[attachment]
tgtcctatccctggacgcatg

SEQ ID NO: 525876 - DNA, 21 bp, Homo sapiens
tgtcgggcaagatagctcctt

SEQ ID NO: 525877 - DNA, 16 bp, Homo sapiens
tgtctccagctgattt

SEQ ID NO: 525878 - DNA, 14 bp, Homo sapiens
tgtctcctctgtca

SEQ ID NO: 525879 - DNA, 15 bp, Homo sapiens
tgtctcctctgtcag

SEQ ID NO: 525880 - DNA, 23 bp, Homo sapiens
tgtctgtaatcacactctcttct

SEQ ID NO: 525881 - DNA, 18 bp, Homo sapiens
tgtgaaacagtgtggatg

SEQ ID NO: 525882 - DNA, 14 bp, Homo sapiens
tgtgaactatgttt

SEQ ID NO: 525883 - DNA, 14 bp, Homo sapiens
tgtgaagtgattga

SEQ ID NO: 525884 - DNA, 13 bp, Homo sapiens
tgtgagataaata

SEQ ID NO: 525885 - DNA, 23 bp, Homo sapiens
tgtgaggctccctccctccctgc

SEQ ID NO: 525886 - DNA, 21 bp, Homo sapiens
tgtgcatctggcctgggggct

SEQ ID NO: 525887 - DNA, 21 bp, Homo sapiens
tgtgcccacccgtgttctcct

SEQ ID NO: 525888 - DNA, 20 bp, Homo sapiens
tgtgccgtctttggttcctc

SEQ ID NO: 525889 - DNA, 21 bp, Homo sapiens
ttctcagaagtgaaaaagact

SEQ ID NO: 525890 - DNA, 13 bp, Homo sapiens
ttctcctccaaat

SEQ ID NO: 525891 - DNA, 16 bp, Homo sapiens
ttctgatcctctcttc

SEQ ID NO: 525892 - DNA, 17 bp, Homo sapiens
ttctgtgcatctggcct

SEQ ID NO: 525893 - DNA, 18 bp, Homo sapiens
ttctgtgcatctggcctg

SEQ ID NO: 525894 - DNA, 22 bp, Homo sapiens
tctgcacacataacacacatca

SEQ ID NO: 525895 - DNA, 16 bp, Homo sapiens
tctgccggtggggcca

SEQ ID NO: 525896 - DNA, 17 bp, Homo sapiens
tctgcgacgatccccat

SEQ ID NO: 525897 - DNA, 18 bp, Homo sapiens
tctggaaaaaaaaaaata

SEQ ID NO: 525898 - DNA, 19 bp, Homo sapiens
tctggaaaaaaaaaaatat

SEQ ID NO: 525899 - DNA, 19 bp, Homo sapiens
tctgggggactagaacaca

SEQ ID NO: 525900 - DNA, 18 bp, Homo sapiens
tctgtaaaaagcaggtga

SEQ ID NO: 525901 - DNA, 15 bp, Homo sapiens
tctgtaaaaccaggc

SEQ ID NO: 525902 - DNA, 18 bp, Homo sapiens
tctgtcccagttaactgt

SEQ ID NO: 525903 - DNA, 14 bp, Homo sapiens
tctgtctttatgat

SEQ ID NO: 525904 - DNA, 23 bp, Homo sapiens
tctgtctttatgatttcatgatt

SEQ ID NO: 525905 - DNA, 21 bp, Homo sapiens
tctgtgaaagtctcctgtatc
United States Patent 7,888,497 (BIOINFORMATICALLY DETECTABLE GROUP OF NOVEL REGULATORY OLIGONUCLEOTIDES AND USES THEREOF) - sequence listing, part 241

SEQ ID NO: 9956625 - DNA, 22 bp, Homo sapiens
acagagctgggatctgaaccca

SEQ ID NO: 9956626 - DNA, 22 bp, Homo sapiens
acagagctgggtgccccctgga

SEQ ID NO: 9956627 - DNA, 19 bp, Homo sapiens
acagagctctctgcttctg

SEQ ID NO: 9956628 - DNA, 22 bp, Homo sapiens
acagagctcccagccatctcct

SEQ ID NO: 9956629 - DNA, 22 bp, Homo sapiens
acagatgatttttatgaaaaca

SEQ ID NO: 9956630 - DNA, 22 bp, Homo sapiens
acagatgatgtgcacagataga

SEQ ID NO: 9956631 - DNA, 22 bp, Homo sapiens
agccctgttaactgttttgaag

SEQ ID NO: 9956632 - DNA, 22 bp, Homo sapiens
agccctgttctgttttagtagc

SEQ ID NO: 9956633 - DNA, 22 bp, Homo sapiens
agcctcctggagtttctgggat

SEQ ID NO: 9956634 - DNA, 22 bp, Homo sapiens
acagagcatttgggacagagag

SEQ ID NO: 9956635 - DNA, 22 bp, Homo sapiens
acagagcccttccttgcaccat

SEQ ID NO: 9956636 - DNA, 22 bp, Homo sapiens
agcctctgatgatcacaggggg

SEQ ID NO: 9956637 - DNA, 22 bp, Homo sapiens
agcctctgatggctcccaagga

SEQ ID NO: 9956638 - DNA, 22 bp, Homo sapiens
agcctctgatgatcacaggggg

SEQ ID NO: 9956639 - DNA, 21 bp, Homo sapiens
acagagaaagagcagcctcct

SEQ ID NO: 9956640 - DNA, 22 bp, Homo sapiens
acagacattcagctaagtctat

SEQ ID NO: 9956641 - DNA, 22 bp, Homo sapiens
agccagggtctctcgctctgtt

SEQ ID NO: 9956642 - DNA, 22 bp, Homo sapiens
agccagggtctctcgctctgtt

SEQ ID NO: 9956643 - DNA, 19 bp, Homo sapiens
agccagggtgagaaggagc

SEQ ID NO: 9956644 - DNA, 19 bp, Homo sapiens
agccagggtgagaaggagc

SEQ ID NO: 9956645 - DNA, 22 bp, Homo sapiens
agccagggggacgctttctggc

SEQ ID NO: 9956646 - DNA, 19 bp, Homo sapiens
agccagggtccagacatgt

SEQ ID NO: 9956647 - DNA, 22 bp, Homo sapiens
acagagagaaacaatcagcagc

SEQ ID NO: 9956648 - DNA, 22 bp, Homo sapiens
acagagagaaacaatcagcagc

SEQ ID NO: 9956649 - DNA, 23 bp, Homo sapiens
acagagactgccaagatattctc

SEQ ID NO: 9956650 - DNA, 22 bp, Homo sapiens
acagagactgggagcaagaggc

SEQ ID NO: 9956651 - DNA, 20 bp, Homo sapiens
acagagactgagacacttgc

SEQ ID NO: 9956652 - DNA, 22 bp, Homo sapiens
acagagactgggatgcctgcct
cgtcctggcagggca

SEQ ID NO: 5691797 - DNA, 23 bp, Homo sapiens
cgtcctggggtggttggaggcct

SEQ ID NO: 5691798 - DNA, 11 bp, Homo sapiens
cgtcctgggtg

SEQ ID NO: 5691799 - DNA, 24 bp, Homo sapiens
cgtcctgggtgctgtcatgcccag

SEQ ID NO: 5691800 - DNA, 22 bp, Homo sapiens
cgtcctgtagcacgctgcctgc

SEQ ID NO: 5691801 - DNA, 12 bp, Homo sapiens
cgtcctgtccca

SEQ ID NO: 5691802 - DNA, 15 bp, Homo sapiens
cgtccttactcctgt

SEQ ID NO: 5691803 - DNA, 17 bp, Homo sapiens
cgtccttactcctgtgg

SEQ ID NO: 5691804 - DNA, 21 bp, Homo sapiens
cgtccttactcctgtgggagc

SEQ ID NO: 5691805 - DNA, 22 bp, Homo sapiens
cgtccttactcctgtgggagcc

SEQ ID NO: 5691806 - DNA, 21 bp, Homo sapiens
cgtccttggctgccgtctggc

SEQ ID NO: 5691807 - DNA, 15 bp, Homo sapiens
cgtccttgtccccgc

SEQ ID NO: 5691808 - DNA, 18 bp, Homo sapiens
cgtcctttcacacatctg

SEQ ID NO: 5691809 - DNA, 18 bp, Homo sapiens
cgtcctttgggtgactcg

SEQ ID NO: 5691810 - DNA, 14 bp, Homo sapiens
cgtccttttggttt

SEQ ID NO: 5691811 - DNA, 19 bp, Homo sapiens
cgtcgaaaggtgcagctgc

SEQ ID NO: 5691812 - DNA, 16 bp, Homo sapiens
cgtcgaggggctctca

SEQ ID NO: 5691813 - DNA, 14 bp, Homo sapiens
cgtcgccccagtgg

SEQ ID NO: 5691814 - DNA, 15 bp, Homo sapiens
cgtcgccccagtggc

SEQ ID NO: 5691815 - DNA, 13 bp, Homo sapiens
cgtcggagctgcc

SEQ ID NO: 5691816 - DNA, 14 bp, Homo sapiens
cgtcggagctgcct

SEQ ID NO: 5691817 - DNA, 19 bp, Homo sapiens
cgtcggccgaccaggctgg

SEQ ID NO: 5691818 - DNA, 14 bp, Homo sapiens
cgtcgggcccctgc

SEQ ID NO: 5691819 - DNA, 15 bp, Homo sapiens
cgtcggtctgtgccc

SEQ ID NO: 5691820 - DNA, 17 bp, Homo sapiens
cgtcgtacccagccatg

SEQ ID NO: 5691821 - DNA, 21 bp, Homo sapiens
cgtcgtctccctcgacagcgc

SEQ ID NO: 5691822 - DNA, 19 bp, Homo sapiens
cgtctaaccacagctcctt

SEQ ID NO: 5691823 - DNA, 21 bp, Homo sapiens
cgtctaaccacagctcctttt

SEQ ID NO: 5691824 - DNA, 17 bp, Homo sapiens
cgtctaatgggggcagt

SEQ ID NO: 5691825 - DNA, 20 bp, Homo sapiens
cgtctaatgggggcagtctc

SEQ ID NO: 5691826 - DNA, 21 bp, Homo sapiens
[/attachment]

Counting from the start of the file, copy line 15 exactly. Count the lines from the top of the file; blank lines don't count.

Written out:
tgtgaactatgttt